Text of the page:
Friday, November 12, 2010

Mastering the Internal Revenue Code

Last night I finished a three month tax course in individual income tax; it was the best tax course I have taken in my decades of bean counting.  I received an overall grade of 97% of all possible points in the course.  Yes, I am ready for the tax season.  One thing I noticed while studying the nitty-gritty of tax rules for ordinary citizens:  the tax rules are ridiculously complex, serpentine, ambiguous and difficult.  There are a million rules and two million exceptions to those rules.  There is no way in hell that any normal, bright and educated citizen could possibly do his own taxes and get it right.

Still, I enjoyed the course.  It was a study in madness, and now I am in a position to (1) do tax returns and (2) write horror novels.


Donald Douglas said...

Good job, Stogie. I hope the coming tax season is profitable for you.

Anonymous said...

Actually, my taxes are not all that hard. In as much as I am an evil Single-childless-renter, and our government has decided it is not worth the trouble to buy my votes by giving my demographic any deductions, preferring to give those vote-buying handouts to demographics that vote in higher percentages, my tax form is pretty much - "How much do you make? Divide by two and send it in."

Stogie said...

Thanks Donald!

Anonymous, but do you qualify for any of the education credits or the tuition and fees deduction? Have any casualty losses? Or buy a new car? Have an IRA (and take the related savers's credit?)

See there are tax breaks even for your demographic if you know about them and can navigate the forms and the rules.

Anonymous said...

education/tuition: not for a long time now.

casualty? nope, thank goodness

New car? The newer of my two cars is a '96.

IRA? Nada. But I do have a 401k, so I guess I'm getting a little break there, even if I don't appreciate it when I do my tax return since I'm not paying those taxes in the first place.

Still, don't Married Homeowners with Children get all those tax breaks also? (on top of the ones they get that I don't)

Got anything else for me?

Sorry if I sound like I'm trying to mooch free tax advice off you now. :)

Stogie said...

If you contribute to a 401k, you may qualify for the savings credit, but of course, it is phased out if you make too much money! If you make more than $26,500, you are out of luck! The government loves poor people and discriminates against the productive, but you knew that!

The Lifetime Learning credit or the tuition and fees deduction (you don't have to itemize to get it) may be available if you take college courses to upgrade your job skills. Are you paying off any college loans? If so, you can deduct interest on those loans as an adjustment to income, and you don't have to itemize to get that either.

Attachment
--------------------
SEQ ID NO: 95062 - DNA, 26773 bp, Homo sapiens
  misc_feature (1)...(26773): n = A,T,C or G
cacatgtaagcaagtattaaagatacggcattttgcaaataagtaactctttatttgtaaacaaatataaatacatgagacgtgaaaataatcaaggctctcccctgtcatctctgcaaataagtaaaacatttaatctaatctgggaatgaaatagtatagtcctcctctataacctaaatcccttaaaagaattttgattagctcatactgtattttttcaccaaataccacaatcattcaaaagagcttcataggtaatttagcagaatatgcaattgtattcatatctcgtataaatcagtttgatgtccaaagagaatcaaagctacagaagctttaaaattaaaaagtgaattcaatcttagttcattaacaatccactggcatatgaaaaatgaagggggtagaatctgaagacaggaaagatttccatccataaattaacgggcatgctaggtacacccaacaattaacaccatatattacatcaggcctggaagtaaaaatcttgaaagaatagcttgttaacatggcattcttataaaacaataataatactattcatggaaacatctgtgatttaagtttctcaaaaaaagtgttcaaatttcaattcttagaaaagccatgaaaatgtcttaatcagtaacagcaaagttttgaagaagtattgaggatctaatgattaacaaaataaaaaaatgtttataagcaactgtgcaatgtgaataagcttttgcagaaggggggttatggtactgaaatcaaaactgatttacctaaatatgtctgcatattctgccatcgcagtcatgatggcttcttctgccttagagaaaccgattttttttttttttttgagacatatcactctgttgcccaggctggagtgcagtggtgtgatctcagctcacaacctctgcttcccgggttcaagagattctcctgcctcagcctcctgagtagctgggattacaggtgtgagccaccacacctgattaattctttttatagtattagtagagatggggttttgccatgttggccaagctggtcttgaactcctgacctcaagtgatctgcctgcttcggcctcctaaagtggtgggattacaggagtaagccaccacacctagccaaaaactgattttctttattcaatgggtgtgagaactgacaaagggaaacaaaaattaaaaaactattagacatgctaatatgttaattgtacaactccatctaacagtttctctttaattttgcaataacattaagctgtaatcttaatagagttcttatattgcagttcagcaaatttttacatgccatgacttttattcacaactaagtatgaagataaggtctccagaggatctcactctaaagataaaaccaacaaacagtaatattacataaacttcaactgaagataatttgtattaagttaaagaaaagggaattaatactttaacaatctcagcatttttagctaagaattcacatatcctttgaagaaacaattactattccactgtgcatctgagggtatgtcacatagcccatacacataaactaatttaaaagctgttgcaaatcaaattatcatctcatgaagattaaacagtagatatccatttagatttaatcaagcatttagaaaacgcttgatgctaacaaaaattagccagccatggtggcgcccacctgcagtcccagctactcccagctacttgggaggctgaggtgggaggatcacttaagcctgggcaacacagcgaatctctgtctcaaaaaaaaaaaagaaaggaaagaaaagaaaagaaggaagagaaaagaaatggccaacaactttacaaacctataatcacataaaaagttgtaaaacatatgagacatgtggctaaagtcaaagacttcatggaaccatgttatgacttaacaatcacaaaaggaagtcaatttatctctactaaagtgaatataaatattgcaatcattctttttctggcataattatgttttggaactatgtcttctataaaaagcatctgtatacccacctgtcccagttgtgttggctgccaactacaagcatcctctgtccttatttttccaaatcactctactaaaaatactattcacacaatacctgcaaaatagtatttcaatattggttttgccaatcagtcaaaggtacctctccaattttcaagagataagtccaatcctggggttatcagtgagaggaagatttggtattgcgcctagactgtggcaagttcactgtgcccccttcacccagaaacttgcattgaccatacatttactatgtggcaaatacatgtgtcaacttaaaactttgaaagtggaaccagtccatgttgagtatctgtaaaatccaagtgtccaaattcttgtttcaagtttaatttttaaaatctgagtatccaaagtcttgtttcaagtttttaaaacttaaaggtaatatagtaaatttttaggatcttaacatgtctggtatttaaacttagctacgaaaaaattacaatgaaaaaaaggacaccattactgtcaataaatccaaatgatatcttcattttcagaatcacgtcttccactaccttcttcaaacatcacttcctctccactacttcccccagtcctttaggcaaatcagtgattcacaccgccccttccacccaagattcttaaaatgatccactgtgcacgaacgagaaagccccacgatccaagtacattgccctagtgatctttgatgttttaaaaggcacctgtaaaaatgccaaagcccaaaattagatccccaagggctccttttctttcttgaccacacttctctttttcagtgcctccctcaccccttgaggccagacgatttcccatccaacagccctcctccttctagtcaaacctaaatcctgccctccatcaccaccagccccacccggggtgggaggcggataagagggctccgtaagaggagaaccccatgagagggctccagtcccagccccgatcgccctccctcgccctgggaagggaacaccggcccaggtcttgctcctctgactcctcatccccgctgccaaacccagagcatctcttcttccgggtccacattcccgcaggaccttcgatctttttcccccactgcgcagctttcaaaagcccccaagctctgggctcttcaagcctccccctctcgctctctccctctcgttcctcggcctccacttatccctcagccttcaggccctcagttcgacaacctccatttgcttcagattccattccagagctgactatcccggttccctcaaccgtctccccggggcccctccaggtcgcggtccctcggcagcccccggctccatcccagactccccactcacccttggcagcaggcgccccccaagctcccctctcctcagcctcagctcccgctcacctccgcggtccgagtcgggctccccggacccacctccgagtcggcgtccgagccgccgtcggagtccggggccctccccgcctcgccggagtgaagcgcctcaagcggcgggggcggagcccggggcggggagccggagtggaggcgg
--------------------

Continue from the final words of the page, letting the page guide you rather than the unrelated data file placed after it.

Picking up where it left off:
Anonymous said...

Sigh. I stupidly attended a relatively low cost State school and worked my way through college rather than assume a huge mountain of debt (or mooch off my folks). What could I have been thinking? Even worse, I majored in something that would allow me to earn a productive living (no Multicultural Studies majors here) so now I make too much money! Shame on me. Why didn't my High School guidance counselor tell me how well it pays to be a deadbeat?

So, let's see - I'm a Single, Childless Renter who is Productive and not in debt. No wonder the Government hates me!

On the other hand, every year when I finish my taxes, my nice friends at TurboTax send me a message that says "You pay three times the average tax of a taxpayer at your income level." - so at least I get the warm fuzzy feeling of having contributed my fair share to those wonderful shovel-ready projects. :) (plus two other peoples fair shares, apparently)

Stogie said...

Anon, my background is similar to yours; attended a state school, paid for it myself, no student loans. I do "own" a house, or rather the mortgage company does, but the economy wiped out any equity in it.

I have no doubt that a flat tax would be far more fair than the system we have now.

Phil said...

I added your blog to my bloglist. I had previously linked to your blog.

Always On Watch said...

I love the last sentence of your post.

My mother was an IRS auditor many years ago; Mom passed in 1987. But along the way during the time we shared this earth, Mom taught me a lot about taxes and the tax code.

We all need to know more about today's tax code, I think.

Stogie said...

AOW, we should probably replace the tax code with something simpler. The level of complexity the tax code now entails is mind-boggling.